The oil rich former Soviet Republic has spent billions attempting to save its failing banks, and now, it is ditching the banks, and will write down its people’s debts, the exact opposite of what Geithner and the Federal Reserve did in the USA.
I expect the new Kazakh President to become Hitler of the Week™ shortly, because bailing out people and letting the banksters and their investors take the the hit is just unAmerican.
I am aware that there is very little to recommend Kazakhstan.
Kassym-Jomart Tokayev was elected in an unfair election, hand picked by his predecessor, Nursultan Nazarbayev, who is notorious for the suppression of free speech, torture, etc.
This is a case of a stopped clock being right twice a day:
Kazakh President Kassym-Jomart Tokayev said he’ll write off bad loans held by a sixth of the central Asian country’s population, while signaling a sharp change in policy to end costly state bailouts of private banks.
The loan-forgiveness program is Tokayev’s first major policy announcement since he was elected president on June 9 in a choreographed transfer of power that began when longtime leader Nursultan Nazarbayev stepped down as head of state in March. His victory was met with rare and widespread protests.
Bank bailouts are also a sensitive issue in Kazakhstan, which has been mired in a decade-long crisis in which the government has pumped at least $18 billion into lenders to keep the sector from collapsing under the weight of bad debts. The central bank is conducting a review of asset quality, prompting speculation that a new round of bailouts may be in the works.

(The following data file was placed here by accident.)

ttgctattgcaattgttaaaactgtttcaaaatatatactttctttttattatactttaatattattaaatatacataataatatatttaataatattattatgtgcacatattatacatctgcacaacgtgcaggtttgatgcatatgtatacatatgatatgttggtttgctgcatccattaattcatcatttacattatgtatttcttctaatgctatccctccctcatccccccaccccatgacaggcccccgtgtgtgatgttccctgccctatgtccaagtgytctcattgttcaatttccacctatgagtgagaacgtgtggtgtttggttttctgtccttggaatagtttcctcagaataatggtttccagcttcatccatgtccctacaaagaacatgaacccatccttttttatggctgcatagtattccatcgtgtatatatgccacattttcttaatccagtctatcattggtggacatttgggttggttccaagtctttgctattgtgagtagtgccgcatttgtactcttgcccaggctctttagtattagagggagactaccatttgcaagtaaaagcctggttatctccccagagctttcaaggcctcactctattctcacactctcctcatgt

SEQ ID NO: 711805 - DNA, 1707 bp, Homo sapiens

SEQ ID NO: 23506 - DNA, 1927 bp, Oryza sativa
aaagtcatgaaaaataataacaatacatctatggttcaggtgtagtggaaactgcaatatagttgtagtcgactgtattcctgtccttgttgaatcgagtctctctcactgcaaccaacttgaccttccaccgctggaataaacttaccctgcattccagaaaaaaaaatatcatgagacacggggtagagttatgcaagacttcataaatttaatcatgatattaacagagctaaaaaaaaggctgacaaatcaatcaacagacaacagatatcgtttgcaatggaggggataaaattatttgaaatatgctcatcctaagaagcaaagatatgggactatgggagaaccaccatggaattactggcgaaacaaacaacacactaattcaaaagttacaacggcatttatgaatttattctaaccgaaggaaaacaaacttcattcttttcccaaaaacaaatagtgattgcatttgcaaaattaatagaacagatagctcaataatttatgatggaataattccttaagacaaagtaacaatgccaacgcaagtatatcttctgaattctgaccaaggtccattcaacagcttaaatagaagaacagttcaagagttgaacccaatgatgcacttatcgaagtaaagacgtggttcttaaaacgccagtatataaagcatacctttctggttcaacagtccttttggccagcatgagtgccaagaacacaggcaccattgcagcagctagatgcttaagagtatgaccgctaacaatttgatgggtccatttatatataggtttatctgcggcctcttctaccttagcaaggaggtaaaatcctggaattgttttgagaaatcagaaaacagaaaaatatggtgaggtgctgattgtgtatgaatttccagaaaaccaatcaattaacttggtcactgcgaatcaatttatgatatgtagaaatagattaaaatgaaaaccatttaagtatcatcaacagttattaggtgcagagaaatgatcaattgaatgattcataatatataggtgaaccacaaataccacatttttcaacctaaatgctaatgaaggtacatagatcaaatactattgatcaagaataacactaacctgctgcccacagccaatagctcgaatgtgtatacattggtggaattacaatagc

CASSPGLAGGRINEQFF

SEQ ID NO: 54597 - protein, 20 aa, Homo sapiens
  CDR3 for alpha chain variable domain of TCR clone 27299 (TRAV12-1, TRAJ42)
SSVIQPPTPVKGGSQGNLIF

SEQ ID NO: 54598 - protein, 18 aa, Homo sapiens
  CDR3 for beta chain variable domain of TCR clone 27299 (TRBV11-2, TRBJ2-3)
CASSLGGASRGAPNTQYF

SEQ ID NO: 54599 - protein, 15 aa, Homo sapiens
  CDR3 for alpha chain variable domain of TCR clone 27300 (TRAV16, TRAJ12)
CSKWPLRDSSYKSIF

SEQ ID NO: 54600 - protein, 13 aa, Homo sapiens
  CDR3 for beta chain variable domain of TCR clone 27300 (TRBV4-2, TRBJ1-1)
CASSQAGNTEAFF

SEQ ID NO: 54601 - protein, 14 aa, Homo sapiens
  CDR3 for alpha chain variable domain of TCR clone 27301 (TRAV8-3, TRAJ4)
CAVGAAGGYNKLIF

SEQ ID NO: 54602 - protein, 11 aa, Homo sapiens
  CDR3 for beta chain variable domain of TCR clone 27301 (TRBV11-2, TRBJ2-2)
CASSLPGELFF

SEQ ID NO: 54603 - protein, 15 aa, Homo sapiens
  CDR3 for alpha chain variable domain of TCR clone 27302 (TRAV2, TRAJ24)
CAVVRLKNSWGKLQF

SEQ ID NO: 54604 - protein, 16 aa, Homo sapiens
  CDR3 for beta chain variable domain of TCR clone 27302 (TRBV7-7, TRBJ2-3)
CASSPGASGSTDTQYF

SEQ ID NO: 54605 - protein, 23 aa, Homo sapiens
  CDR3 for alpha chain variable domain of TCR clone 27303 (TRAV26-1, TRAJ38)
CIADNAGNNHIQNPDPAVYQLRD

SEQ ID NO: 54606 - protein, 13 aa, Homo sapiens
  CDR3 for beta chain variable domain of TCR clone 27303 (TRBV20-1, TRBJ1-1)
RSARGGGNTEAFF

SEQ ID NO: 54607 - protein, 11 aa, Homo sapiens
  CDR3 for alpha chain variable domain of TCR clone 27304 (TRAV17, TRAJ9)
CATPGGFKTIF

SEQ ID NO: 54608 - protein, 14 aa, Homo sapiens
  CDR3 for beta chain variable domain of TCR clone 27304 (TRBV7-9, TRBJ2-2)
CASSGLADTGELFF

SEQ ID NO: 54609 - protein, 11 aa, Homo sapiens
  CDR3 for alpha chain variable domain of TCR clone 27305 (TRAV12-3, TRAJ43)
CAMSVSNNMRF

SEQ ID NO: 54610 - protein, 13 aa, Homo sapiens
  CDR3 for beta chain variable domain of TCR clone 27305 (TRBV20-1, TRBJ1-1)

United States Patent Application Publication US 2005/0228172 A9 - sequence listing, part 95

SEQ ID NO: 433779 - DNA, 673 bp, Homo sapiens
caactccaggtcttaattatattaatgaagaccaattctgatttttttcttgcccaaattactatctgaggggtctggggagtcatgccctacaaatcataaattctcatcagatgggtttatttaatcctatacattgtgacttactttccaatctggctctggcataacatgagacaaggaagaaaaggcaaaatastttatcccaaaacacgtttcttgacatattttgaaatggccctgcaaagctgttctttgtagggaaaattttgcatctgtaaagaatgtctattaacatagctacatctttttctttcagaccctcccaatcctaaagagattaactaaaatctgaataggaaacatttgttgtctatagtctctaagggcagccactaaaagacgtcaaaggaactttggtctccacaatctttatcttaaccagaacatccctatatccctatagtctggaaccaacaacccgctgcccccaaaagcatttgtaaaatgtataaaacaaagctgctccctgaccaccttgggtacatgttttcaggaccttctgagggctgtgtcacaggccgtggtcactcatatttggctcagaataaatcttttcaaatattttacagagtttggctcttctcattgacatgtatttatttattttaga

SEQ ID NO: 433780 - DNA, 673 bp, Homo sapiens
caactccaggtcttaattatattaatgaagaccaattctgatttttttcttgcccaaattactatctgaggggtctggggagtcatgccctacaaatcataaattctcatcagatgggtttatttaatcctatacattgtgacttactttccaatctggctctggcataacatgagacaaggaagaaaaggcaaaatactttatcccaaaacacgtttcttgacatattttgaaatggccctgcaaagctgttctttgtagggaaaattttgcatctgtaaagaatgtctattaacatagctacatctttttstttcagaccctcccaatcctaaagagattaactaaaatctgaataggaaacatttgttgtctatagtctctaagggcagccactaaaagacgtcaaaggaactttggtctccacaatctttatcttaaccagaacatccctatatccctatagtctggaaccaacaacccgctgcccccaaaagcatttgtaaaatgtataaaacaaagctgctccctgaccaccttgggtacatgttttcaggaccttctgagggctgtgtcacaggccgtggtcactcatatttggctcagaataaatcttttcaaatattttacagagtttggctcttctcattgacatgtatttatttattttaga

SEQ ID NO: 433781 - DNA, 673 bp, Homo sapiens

While the debt-relief initiative may help lenders, the total cost is likely to come in at “a bit less than $1 billion,” according to Tokayev. More than 3 million Kazakhs in the energy-rich country of 18 million will get help to escape debts averaging 300,000 tenge ($790), he said. It is aimed at “people who find themselves in very difficult living circumstances,” he said.
About 4,000 people were detained by police during a rare outburst of protests against what activists said was a lack of real choice in the recent vote, which Tokayev won easily with 71% support. Leader-for-life Nazarbayev, 78, handed the presidency to Tokayev in March, who called the early election “to remove any uncertainty.” International observers criticized the conduct of the vote.
The math is pretty simple: $18 billion did not solve the problem, versus less than $1 billion to write down personal debt, and let the banks and the banksters burn.
Works for me.